# Quick Answer: What is the stopping distance of an ambulance from 60 mph?

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## When driving an ambulance at 60 mph in ideal conditions What is the recommended following distance?

The driver should maintain a four-second following distance to allow other drivers adequate time to react and reduce the intimidating effects of an emergency vehicle’s warning devices.

## What is the formula for stopping distance?

Stopping distance = reaction distance + braking distance.

## How do you calculate stopping time?

To determine how long it will take a driver to stop a vehicle, assuming a constant rate of deceleration, the process is to divide the initial velocity (in fps) by the rate of deceleration.

## How fast should you back an ambulance?

60 MPH! When you are using a spotter, you should back the ambulance no faster than: Average walking speed! Jenna is driving her ambulance at 30 mph on a road covered with ice.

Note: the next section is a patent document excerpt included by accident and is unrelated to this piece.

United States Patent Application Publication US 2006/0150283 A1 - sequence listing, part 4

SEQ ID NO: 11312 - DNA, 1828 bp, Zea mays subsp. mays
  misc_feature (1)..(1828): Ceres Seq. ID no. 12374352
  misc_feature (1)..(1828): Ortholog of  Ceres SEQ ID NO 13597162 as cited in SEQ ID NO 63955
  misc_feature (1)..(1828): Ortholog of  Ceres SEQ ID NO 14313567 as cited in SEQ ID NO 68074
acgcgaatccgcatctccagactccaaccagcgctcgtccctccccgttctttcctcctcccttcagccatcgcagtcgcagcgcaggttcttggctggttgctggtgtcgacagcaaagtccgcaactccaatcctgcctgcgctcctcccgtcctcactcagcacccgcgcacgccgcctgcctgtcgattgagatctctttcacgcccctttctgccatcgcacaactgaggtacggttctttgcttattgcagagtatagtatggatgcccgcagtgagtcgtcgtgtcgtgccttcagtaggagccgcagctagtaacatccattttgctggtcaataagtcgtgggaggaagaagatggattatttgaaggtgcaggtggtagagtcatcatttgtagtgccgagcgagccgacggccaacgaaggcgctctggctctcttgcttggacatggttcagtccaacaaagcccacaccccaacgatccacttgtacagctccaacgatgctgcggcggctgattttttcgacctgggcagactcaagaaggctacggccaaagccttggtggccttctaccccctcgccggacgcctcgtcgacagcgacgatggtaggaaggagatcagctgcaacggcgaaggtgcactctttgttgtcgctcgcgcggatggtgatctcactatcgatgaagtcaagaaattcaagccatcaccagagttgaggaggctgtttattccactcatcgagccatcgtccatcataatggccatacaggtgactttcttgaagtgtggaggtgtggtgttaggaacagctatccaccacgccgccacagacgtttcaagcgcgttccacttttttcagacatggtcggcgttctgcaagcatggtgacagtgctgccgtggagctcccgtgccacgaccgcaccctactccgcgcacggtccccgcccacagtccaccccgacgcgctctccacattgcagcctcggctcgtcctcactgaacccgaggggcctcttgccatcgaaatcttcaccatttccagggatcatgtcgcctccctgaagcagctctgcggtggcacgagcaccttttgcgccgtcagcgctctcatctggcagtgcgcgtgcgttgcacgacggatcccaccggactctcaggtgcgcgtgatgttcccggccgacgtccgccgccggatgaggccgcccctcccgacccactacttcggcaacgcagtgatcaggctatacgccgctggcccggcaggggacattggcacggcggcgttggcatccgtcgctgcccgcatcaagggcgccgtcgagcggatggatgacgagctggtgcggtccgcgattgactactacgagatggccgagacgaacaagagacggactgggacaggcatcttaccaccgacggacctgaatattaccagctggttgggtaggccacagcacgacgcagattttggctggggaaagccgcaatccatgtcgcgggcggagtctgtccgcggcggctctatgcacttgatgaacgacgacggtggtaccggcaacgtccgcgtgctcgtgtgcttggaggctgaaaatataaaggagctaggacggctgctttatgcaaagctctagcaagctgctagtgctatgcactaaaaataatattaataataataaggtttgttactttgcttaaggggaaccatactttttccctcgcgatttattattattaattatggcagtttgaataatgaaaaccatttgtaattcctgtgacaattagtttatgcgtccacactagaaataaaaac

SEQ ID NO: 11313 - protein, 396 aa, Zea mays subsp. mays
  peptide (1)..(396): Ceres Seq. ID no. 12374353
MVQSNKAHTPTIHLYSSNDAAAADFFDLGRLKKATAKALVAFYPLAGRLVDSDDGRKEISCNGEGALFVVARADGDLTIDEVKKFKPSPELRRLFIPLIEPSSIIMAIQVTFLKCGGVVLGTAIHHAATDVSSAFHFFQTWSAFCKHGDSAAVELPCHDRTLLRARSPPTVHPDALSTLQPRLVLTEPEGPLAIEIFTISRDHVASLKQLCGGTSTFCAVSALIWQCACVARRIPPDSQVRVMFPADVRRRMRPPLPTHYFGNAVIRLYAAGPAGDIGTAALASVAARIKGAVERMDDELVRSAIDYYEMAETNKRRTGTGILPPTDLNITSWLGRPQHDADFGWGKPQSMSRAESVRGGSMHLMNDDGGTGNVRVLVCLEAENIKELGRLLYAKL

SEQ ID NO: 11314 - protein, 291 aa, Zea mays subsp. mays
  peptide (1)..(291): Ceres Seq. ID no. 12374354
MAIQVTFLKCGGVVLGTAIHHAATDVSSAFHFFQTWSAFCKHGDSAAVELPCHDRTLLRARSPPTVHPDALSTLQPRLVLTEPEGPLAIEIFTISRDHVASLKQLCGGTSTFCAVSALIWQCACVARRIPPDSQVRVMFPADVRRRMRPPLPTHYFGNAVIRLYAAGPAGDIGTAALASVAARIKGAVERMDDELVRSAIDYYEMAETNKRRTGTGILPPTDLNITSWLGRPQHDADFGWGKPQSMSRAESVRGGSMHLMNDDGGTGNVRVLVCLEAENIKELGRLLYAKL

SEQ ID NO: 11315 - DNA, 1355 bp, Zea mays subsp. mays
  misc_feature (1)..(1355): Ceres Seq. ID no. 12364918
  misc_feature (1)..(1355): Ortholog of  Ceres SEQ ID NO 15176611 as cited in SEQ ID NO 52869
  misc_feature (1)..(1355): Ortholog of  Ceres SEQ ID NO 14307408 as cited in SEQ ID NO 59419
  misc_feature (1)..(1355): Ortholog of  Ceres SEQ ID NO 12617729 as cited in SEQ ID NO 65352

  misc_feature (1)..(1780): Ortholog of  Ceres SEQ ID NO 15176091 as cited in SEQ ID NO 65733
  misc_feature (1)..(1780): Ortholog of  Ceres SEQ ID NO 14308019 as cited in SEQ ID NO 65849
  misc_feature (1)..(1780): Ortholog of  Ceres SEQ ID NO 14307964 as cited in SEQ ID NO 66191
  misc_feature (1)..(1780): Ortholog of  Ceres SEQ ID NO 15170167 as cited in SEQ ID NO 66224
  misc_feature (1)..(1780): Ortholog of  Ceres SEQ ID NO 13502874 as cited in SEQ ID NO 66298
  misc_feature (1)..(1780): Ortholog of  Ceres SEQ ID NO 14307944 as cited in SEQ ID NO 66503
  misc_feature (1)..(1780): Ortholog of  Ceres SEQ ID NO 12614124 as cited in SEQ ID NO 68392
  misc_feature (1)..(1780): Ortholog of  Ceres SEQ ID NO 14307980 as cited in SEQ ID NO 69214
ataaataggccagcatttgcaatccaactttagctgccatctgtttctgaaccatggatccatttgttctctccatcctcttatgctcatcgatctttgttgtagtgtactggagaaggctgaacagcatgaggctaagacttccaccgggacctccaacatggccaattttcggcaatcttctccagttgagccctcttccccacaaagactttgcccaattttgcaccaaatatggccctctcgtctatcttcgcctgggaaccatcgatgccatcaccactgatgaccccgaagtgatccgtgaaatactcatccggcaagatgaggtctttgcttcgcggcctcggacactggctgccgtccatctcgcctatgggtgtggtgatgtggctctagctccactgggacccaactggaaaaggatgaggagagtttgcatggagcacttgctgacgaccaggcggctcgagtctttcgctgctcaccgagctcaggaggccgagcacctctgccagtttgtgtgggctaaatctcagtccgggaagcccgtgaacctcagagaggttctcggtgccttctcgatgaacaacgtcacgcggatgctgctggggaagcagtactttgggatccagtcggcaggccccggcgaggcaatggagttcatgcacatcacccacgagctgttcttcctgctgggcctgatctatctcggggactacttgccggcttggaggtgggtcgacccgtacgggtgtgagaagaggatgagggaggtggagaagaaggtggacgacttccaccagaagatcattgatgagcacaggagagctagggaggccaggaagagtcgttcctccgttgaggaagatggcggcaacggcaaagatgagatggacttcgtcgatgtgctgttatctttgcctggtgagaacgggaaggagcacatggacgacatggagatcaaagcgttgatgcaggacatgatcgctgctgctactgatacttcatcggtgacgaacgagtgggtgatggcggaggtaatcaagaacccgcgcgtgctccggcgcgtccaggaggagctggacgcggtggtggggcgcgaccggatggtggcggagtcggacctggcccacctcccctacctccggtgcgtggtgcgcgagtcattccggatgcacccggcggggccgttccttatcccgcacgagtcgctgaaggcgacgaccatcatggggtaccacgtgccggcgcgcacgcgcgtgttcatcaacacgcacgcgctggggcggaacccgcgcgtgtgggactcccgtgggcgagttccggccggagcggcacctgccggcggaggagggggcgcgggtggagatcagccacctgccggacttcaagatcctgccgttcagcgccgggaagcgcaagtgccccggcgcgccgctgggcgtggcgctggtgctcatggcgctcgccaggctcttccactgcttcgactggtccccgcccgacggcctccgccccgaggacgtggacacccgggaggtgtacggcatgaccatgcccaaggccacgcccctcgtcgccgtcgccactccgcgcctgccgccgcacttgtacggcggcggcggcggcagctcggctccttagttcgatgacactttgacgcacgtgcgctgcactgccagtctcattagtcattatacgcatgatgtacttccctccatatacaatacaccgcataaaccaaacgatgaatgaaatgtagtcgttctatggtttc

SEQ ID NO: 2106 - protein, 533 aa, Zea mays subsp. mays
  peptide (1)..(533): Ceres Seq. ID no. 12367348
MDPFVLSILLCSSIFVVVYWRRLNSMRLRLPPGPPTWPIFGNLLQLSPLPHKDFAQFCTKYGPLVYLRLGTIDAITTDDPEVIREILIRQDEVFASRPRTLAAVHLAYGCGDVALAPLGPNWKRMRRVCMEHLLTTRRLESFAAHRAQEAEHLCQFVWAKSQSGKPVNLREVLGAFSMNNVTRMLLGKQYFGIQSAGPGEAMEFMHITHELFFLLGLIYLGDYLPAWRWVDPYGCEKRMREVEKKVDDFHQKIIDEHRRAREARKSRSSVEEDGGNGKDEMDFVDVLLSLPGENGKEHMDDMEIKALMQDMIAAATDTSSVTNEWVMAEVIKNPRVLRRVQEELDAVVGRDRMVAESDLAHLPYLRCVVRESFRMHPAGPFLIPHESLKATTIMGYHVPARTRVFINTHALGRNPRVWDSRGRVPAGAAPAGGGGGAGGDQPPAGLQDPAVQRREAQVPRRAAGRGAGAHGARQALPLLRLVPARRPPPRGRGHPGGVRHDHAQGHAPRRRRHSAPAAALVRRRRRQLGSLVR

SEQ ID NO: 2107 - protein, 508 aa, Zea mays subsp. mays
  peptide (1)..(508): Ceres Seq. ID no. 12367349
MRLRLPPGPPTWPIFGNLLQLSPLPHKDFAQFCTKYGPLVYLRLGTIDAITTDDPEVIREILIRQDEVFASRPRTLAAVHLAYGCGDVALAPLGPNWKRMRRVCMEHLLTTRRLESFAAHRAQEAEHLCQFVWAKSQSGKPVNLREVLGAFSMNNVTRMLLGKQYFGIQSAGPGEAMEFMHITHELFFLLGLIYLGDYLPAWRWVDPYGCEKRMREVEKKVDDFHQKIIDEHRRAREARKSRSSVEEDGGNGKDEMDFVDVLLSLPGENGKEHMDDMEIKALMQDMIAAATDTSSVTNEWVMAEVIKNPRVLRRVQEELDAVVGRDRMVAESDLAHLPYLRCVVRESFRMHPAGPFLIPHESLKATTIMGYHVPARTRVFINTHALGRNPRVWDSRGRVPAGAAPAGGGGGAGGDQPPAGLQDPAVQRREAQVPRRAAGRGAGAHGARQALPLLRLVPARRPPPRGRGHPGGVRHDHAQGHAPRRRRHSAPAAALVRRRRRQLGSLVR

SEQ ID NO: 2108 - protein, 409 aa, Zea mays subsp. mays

## When can you drive an ambulance at 60 mph?

When driving 60 mph, allow 426 feet of stopping distance — considered a universal EMS standard — said Relias Instructor Scott McConnell, RN, BSN, CEN, NRP.

## How do you calculate stopping distance in mph?

The braking distance, in feet, of a car traveling at v miles per hour is given by d= 2.2v+frac{v^2}{20}.

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## How do you work out stopping distance GCSE physics?

Stopping distances

1. In an emergency, a driver must bring their vehicle to a stop in the shortest distance possible:
2. stopping distance = thinking distance + braking distance.
3. This is when:
4. Reaction time varies from person to person, but is between typically 0.2 s and 0.9 s.

## What is stopping time in physics?

The time that elapses before the particle is stopped ranges from a few picoseconds (1 × 1012 second) in solids or liquids to a few nanoseconds (1 × 109 second) in gases.

## How is stopping distance calculated drivers?

All you need to do is multiply the speed by intervals of 0.5, starting with 2, to get your stopping distance in feet: 20mph x 2 = 40 feet.